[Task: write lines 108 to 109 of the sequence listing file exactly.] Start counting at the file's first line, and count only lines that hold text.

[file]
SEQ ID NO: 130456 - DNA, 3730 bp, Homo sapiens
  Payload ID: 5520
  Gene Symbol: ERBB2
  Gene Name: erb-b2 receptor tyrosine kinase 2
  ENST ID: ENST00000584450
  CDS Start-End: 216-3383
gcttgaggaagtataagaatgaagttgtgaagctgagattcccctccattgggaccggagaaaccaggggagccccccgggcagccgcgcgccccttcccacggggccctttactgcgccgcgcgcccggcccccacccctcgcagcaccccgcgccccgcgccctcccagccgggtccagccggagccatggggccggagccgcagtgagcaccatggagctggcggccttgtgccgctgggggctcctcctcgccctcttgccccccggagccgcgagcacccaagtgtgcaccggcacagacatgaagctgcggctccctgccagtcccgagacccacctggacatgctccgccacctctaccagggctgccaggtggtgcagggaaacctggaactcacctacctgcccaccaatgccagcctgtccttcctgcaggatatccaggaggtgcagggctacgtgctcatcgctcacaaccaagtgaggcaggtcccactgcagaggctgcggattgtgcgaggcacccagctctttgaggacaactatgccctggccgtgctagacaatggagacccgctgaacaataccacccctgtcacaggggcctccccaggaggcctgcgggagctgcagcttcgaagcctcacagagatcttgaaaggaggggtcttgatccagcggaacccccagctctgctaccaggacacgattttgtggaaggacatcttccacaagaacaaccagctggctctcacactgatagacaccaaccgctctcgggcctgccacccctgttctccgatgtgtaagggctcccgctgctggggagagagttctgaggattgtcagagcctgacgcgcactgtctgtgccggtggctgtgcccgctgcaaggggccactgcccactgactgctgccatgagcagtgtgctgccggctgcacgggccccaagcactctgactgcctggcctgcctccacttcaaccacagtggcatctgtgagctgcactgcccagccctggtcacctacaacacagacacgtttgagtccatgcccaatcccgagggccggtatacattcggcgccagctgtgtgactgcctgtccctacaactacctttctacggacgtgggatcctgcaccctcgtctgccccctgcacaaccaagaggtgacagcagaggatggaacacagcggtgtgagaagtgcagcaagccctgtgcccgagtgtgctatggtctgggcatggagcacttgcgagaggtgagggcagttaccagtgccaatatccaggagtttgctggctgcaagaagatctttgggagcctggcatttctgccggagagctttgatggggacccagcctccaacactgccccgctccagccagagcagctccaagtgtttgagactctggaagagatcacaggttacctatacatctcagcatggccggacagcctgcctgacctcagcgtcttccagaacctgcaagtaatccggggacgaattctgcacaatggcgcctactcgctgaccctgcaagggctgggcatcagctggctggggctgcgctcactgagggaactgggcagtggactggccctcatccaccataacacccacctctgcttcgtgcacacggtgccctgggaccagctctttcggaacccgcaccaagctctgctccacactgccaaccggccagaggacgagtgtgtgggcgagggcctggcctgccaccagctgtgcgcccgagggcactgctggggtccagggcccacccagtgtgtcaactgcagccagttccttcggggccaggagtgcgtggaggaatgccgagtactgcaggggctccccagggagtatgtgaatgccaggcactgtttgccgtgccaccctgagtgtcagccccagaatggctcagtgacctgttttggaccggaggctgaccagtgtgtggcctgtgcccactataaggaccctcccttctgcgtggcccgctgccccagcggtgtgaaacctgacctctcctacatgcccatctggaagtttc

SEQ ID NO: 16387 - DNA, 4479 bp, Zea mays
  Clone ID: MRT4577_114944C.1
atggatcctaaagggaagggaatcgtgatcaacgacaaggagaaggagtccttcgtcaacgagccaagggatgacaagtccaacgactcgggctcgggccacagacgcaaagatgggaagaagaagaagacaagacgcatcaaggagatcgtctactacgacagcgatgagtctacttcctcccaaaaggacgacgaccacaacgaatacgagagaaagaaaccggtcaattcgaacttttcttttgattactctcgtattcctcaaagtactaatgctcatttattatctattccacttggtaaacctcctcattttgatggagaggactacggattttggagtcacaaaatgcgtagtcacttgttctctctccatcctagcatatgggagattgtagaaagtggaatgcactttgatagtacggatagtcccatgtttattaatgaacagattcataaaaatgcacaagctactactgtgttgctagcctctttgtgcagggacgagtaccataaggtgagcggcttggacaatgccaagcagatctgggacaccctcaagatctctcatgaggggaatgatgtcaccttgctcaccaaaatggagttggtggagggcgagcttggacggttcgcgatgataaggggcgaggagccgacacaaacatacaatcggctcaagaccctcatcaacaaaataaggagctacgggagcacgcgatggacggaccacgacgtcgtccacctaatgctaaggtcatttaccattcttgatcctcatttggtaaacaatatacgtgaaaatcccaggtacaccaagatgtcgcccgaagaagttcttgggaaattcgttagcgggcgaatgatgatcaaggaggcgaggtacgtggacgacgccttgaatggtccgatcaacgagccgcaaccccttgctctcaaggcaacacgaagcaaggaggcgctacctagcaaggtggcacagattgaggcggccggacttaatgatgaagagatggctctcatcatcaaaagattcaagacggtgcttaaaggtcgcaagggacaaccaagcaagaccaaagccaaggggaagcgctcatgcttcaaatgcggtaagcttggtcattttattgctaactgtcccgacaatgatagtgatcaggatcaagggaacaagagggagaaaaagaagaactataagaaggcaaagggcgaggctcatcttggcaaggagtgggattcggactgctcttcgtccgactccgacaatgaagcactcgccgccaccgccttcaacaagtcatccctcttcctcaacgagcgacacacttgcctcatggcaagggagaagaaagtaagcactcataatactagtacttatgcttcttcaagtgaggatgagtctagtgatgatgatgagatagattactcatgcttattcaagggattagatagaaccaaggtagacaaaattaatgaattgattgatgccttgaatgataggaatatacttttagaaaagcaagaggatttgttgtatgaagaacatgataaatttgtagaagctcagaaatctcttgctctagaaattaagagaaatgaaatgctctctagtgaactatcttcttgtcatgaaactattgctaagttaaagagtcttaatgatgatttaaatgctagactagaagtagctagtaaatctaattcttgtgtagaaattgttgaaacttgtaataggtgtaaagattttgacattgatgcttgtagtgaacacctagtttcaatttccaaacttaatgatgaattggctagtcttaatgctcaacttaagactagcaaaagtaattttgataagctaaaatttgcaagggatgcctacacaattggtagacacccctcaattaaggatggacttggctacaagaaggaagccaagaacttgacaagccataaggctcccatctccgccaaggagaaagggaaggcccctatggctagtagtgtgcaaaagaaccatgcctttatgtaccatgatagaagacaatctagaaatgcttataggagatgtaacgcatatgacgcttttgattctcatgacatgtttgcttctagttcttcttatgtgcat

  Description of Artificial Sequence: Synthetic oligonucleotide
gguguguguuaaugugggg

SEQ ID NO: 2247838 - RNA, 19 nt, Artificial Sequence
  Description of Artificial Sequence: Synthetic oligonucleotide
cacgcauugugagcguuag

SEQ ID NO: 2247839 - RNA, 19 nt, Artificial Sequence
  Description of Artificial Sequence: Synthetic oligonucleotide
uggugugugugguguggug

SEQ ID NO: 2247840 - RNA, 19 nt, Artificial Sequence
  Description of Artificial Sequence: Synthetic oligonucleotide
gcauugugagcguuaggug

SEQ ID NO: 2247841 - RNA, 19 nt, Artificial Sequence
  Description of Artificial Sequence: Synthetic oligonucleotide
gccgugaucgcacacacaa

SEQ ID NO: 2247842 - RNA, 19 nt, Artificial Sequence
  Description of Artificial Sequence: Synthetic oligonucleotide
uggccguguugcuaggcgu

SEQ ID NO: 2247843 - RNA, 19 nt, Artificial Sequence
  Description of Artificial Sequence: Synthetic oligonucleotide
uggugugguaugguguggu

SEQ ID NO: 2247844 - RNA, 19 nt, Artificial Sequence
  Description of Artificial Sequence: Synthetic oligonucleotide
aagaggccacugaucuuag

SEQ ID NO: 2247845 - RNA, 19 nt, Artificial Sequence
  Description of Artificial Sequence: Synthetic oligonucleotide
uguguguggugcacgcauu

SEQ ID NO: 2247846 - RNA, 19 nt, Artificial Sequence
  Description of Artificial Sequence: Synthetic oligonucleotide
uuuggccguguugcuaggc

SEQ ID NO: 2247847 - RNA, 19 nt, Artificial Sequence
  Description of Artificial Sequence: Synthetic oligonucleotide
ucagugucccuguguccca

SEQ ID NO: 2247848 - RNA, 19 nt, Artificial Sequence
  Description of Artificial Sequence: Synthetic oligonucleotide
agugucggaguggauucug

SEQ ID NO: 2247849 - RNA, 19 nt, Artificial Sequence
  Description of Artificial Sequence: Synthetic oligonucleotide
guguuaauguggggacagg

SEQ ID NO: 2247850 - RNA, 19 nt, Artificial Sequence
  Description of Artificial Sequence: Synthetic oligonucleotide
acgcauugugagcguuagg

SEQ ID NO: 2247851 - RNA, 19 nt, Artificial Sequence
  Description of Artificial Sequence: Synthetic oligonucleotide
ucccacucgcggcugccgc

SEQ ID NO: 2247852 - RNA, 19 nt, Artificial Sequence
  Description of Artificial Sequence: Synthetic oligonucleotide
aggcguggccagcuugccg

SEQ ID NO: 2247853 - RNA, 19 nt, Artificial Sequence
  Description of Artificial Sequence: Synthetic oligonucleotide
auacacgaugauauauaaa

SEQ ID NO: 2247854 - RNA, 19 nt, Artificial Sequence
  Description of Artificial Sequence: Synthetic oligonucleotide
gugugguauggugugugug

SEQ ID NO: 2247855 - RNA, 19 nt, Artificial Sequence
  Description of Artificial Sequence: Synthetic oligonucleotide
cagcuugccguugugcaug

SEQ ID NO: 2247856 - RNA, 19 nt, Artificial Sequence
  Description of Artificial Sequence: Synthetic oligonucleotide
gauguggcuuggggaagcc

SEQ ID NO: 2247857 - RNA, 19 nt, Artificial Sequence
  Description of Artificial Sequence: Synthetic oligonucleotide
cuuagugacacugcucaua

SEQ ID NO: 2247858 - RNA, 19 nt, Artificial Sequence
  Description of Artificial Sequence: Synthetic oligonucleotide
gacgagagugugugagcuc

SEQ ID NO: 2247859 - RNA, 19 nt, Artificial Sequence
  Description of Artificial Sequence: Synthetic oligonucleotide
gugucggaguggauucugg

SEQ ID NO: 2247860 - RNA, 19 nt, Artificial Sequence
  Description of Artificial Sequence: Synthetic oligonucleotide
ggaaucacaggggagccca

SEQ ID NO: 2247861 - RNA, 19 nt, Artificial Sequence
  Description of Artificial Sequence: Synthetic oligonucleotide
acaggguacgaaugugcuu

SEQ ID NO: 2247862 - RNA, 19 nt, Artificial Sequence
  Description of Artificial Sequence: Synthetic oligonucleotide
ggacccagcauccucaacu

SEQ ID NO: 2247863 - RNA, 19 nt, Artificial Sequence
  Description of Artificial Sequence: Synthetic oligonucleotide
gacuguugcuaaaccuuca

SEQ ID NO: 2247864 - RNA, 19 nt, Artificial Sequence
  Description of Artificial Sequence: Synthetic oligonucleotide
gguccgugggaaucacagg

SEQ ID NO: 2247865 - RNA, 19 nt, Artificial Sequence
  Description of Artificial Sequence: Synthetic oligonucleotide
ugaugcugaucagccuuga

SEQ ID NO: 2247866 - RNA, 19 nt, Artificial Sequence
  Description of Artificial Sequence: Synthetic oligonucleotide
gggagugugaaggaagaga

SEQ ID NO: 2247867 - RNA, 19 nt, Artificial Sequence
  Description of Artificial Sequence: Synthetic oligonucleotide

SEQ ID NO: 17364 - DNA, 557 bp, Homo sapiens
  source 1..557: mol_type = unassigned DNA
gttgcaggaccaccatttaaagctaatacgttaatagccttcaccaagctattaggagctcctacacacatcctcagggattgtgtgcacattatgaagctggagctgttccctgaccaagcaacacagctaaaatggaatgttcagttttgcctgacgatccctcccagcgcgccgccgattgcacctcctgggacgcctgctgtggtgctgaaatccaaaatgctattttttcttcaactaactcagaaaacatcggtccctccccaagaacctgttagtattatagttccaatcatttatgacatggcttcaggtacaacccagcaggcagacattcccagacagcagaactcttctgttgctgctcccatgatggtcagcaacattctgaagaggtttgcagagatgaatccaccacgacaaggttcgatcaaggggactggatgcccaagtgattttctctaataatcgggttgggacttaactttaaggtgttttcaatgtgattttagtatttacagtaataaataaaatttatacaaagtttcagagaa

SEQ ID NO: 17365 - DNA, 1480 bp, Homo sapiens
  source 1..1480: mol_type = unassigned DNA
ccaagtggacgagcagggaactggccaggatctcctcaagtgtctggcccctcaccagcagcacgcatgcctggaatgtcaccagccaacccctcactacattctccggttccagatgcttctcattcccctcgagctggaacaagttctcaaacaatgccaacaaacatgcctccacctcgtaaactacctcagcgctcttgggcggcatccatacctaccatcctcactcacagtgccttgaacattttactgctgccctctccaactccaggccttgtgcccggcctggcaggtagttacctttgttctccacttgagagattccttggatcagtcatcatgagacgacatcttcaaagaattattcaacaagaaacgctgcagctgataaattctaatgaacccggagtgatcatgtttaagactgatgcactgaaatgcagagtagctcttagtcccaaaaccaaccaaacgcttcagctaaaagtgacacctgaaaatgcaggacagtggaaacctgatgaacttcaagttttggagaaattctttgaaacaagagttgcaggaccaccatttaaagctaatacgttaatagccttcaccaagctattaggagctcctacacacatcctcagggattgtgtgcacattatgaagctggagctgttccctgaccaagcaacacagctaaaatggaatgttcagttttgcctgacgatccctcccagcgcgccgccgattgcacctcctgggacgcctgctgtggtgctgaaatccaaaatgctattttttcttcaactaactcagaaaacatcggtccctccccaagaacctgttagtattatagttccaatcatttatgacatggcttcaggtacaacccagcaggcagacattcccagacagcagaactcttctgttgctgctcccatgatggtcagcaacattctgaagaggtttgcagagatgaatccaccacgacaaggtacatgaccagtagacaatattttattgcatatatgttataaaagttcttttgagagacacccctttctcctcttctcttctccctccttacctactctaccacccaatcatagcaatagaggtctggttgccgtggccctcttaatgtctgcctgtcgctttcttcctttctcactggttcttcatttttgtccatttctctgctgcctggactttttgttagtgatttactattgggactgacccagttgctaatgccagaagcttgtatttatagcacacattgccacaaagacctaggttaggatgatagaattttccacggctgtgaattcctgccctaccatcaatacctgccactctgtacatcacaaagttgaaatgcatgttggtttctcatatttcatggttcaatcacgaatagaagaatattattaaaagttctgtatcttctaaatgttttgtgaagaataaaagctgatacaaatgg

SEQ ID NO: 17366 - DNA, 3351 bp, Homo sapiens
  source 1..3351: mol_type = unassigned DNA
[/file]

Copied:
SEQ ID NO: 17366 - DNA, 3351 bp, Homo sapiens
  source 1..3351: mol_type = unassigned DNA